In the lobby of the new Monroe Carell Jr. Children’s Hospital Vanderbilt Surgery and Clinics Murfreesboro hangs a reminder of the facility’s roots.
A large red paper doll mobile, a mosaic of 2,000 smaller paper dolls, descends from the ceiling of the entrance. The paper dolls icon, first sketched in the early 1970s by a Friends of Children’s Hospital member, Carole Nelson, has symbolized the community support for quality, compassionate pediatric health care for children in Nashville and surrounding communities.
The iconic symbol has been carried through the decades as Vanderbilt has grown the size and scope of pediatric health care into the community. Each new clinic or facility Children’s Hospital has opened in communities — now more than 20 locations across Tennessee — carries the paper dolls as part of the logo, including its newest location in Murfreesboro, Tennessee.
Children’s Hospital opened the new $27.2 million state-of-the art surgery and clinics facility in December 2019, significantly expanding pediatric specialty care, outpatient surgery and imaging services to children in Rutherford and surrounding counties.
“This was a dream of mine and several others years ago to bring Children’s Hospital surgeons and physicians into the Rutherford region,” said John W. Brock III, MD, Senior Vice President of Pediatric Surgical Services, Monroe Carell Jr. Professor and Surgeon-in-Chief Emeritus. “These are the exact same surgeons, physicians, nurses, technicians, who would care for a child on the main campus in Nashville. We have built a facility that gives us the ability to care for every aspect of a child — because that’s what children deserve.”
The single-story facility, located at 2102 West Northfield Blvd., features 22 multispecialty clinic rooms, urgent care services, a suite of operating rooms, imaging capabilities such as MRI, X-ray, ultrasound and audiology booths for hearing tests and procedural areas.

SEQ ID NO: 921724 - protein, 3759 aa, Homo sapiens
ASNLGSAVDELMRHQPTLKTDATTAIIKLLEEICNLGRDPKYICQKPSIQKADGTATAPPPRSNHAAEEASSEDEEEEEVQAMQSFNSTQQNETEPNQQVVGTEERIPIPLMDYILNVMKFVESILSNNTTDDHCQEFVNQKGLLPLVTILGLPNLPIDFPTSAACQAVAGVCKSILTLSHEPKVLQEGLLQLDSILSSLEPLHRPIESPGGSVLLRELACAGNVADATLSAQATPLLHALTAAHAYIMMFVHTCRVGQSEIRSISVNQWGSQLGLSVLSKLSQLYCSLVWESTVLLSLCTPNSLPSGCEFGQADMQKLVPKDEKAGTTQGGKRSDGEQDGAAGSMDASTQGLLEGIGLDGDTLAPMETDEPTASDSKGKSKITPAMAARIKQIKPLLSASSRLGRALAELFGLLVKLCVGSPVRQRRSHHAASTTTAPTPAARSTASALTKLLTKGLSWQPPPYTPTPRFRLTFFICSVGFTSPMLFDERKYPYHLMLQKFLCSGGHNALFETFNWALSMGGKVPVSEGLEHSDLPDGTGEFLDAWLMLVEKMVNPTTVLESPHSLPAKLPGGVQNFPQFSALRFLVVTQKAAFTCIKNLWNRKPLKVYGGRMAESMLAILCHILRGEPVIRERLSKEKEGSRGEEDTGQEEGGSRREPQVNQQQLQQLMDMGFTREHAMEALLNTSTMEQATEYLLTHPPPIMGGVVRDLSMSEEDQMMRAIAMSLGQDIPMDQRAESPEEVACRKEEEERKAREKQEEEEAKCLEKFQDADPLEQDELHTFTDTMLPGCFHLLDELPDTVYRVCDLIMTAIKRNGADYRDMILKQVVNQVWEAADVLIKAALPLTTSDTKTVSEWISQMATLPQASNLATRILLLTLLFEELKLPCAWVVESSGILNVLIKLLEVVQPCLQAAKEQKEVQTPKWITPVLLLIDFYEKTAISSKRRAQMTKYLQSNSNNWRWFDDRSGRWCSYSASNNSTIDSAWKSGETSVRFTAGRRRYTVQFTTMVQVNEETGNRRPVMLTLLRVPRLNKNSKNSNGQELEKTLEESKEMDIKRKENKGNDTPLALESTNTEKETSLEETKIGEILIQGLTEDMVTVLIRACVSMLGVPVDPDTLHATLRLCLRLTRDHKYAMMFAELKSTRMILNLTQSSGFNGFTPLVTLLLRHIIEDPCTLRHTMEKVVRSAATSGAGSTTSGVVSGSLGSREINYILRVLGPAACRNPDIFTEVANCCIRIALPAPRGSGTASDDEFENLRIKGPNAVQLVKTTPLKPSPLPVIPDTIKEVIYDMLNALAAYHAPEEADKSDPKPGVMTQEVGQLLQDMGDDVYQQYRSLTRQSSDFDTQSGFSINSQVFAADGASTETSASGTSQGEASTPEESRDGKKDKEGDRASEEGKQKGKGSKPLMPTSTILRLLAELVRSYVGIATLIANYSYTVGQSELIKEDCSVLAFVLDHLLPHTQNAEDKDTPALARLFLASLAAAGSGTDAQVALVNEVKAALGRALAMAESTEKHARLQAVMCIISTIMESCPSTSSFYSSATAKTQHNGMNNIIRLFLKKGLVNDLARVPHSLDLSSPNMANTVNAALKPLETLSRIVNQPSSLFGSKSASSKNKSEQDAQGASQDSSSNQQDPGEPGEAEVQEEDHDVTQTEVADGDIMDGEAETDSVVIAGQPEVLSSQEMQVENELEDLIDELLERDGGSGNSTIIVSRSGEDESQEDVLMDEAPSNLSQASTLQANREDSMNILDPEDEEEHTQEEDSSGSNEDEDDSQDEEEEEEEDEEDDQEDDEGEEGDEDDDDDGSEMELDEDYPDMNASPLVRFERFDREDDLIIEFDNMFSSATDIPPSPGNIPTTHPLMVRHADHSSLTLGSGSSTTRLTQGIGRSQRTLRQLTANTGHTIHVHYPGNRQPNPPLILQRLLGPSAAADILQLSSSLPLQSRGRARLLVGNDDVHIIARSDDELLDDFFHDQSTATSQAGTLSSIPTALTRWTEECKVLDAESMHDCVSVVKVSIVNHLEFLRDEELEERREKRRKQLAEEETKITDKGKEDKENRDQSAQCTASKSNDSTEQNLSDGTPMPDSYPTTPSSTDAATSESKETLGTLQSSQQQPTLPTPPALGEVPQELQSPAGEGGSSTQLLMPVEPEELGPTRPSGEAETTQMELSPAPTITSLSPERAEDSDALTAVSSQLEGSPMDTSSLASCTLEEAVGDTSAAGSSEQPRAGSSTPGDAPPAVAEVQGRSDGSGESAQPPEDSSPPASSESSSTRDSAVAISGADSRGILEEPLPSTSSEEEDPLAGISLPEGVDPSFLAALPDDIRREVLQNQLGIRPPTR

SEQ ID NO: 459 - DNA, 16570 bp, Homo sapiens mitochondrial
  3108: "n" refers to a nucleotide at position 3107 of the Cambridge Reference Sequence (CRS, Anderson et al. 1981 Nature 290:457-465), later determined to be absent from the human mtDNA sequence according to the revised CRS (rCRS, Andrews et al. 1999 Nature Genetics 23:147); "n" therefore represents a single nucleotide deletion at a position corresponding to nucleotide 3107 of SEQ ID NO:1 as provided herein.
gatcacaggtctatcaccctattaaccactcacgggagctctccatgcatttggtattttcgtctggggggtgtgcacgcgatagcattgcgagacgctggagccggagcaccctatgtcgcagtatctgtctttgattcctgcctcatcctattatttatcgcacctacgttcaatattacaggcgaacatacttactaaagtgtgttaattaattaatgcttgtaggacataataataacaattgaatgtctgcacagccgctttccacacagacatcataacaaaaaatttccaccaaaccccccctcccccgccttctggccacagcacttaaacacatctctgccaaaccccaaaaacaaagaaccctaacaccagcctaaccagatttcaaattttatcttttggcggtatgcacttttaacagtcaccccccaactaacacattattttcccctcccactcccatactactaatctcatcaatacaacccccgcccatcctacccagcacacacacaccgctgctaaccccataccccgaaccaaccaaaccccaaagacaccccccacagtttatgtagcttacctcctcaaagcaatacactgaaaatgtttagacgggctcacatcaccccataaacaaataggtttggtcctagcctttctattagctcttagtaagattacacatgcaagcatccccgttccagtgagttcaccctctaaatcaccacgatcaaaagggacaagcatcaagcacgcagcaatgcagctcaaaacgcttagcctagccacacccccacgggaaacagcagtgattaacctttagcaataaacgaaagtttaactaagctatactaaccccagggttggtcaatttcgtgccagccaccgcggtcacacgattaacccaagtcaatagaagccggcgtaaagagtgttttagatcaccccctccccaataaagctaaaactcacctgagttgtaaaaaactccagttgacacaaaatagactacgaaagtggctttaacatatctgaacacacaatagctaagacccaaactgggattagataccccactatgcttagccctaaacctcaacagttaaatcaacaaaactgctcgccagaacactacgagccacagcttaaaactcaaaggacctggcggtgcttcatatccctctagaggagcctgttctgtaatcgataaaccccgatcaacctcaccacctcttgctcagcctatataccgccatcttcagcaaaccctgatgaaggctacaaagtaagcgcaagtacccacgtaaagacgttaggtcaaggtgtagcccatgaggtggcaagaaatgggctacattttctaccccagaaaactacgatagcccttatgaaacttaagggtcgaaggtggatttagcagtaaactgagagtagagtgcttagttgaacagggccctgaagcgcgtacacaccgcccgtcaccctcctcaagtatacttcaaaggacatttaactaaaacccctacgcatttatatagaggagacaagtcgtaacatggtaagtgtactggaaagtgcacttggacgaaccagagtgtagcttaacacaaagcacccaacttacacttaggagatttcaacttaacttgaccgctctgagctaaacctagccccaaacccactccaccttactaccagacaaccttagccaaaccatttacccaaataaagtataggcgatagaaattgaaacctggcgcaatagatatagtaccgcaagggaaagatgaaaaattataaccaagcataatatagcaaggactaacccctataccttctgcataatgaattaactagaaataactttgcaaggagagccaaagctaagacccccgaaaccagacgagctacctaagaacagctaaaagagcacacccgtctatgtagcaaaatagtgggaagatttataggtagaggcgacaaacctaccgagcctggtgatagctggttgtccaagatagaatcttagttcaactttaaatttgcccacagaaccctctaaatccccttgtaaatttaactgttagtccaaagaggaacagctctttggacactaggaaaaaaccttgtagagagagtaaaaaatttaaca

The Murfreesboro facility features care from several of Children’s Hospital’s nationally ranked specialties including gastroenterology, general surgery, orthopaedics, otolaryngology, audiology and urology.
Children’s Hospital was once again named among the nation’s best children’s hospitals for 2020-2021 by U.S. News & World Report, achieving a maximum 10 out of 10 ranked pediatric specialties — the only pediatric facility in Tennessee to earn that distinction.
“The families in that area are super appreciative that we are there. It obviously makes their effort to be seen considerably smaller,” said James D. Phillips, MD, assistant professor of Otolaryngology, who also specializes in cleft palates. “I also have families from the other side of town, toward Kentucky or Clarksville, who will drive through Nashville just to come to the Murfreesboro location. They like it because they can avoid the downtown traffic. As far as our ENT service, the clinic experience they get is nearly the exact same as our downtown location.”
Parents, like Natalie and Amos Wolff, know first hand that their children get the same care in Murfreesboro as the Nashville campus.
“We know that (at the new facility) the care is going to be the same; you’re just taking away the distance,” said Amos Wolff, whose three children have spent time at Children’s Hospital and have been seen at its clinics in Murfreesboro. “The Murfreesboro facility is ultra-convenient for us. It’s a great facility – what they’ve put into it is amazing, and the care they dedicate toward children is great.”